EATON — Local manufacturer Bullen Ultrasonics announced last week that it will be remaining open during the COVID-19 pandemic.
Bullen manufactures key parts for various medical devices that are in high demand as the coronavirus spreads across the U.S., according to Bullen President Tim Beatty.
“We understand that COVID-19 is quickly creating a dramatic shortage of ventilators in our nation,” Beatty said. “That is why we’re committed to following the governor’s employee safety mandates while continuing to do our part for the greater good.”
Bullen provides a key component for the sensors found in ventilators. These sensors are necessary for measuring the air and oxygen pressure going to and from a patient. The ventilators are used to treat patients suffering from shortness of breath, one of the more commonly publicized symptoms associated with the coronavirus.
Bullen also supplies parts to other businesses considered “essential,” according to Beatty, including Department of Defense contractors and aircraft manufacturers.
“We’ve not only learned that we’re essential and can’t close down, but that it’s actually of global importance that we stay open,” Beatty said.
Beatty stressed that the safety and comfort of Bullen’s employees is important to the company as well, however, and that various measures have been taken to try and ensure that Bullen’s workers stay healthy.
“The nature of our work has always driven us to maintain a healthy and clean facility, and we are currently enforcing extra measures in light of the pandemic to further prioritize our employees’ health and well-being,” Beatty said.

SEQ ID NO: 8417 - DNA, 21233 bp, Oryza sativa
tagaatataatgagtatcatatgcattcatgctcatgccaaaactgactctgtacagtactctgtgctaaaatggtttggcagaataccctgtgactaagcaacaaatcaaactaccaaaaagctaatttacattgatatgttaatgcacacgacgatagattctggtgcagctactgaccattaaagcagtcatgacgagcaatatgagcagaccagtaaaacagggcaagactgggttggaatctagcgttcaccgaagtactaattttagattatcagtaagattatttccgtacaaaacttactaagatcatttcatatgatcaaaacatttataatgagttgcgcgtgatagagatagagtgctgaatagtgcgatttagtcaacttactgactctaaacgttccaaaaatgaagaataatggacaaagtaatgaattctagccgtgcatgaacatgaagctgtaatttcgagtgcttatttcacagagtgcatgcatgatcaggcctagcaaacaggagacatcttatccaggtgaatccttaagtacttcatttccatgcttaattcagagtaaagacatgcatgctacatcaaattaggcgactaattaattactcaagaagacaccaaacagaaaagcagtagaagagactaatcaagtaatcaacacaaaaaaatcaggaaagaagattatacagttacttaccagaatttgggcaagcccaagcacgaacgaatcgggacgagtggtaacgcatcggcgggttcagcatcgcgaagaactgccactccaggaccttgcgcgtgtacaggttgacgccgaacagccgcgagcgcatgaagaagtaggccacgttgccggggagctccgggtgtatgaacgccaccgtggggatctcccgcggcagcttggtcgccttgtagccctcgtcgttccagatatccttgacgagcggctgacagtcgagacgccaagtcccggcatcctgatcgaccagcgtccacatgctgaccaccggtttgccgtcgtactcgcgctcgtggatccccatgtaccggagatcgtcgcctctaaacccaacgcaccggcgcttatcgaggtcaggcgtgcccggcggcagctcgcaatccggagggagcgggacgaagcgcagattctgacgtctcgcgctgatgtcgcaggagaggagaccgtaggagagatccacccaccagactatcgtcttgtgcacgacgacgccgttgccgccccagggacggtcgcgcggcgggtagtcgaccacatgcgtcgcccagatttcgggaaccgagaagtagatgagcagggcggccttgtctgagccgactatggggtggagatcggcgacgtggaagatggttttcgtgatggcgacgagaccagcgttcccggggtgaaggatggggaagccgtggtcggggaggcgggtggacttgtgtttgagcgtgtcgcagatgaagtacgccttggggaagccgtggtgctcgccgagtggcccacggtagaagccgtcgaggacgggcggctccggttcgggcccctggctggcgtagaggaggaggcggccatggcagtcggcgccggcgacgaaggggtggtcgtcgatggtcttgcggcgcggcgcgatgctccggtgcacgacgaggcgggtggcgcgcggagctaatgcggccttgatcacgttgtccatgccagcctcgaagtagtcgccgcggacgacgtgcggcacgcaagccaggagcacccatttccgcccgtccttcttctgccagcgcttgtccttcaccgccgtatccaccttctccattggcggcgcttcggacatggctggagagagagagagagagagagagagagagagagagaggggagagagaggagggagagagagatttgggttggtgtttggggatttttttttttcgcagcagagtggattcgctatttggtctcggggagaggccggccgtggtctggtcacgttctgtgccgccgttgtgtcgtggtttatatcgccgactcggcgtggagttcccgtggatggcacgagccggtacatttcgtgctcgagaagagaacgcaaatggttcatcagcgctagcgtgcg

These measures include setting up temperature checks for each employee as they report to work, according to Beatty. In addition, the company has invested in a new touchless clock-in system that allows employees to clock in using their smartphones, and is also thoroughly sanitizing all work and public spaces twice per shift.
“We’re thinking about high-touch areas: doorknobs, machine controls, coffee pots,” Beatty said. “We have leads in each department who are responsible for wiping everything down.”
Bullen has a total of 139 employees, about a quarter of whom are capable of working from home, according to Beatty. In addition, Bullen’s second and third-shift teams include only about 20 employees, Beatty said, while the first-shift staff of around 100 workers has been cut by about a third. All of this helps Bullen’s workers to maintain proper social distancing.
“It hasn’t been terribly challenging, given that our operations are already pretty spread out,” Beatty said. “We’ve also been putting people on rotation so we have all the critical people we need here and others can stay at home.”
All of this has been done without having to affect anyone’s compensation, according to Beatty, though employees who aren’t comfortable coming in and are unable to work from home have also been given the option to take paid or unpaid leave during the crisis.
“We’ll do that until we feel our employees are safe to come back,” Beatty said.
Beatty stressed that Bullen’s employee safety procedures go above and beyond what’s been recommended by Governor Mike DeWine and others.
“We see those as bottom-level requirements, and we want to do more if we can,” Beatty said.
“What’s interesting about all this is that we’ve redefined what we mean by ‘hero,’” Beatty said. “A hero used to be an athlete or a movie star. But our heroes today are healthcare workers, delivery people, cashiers. And I think it’s people like we have here, who are making these parts. So we’re proud to be a part of that.”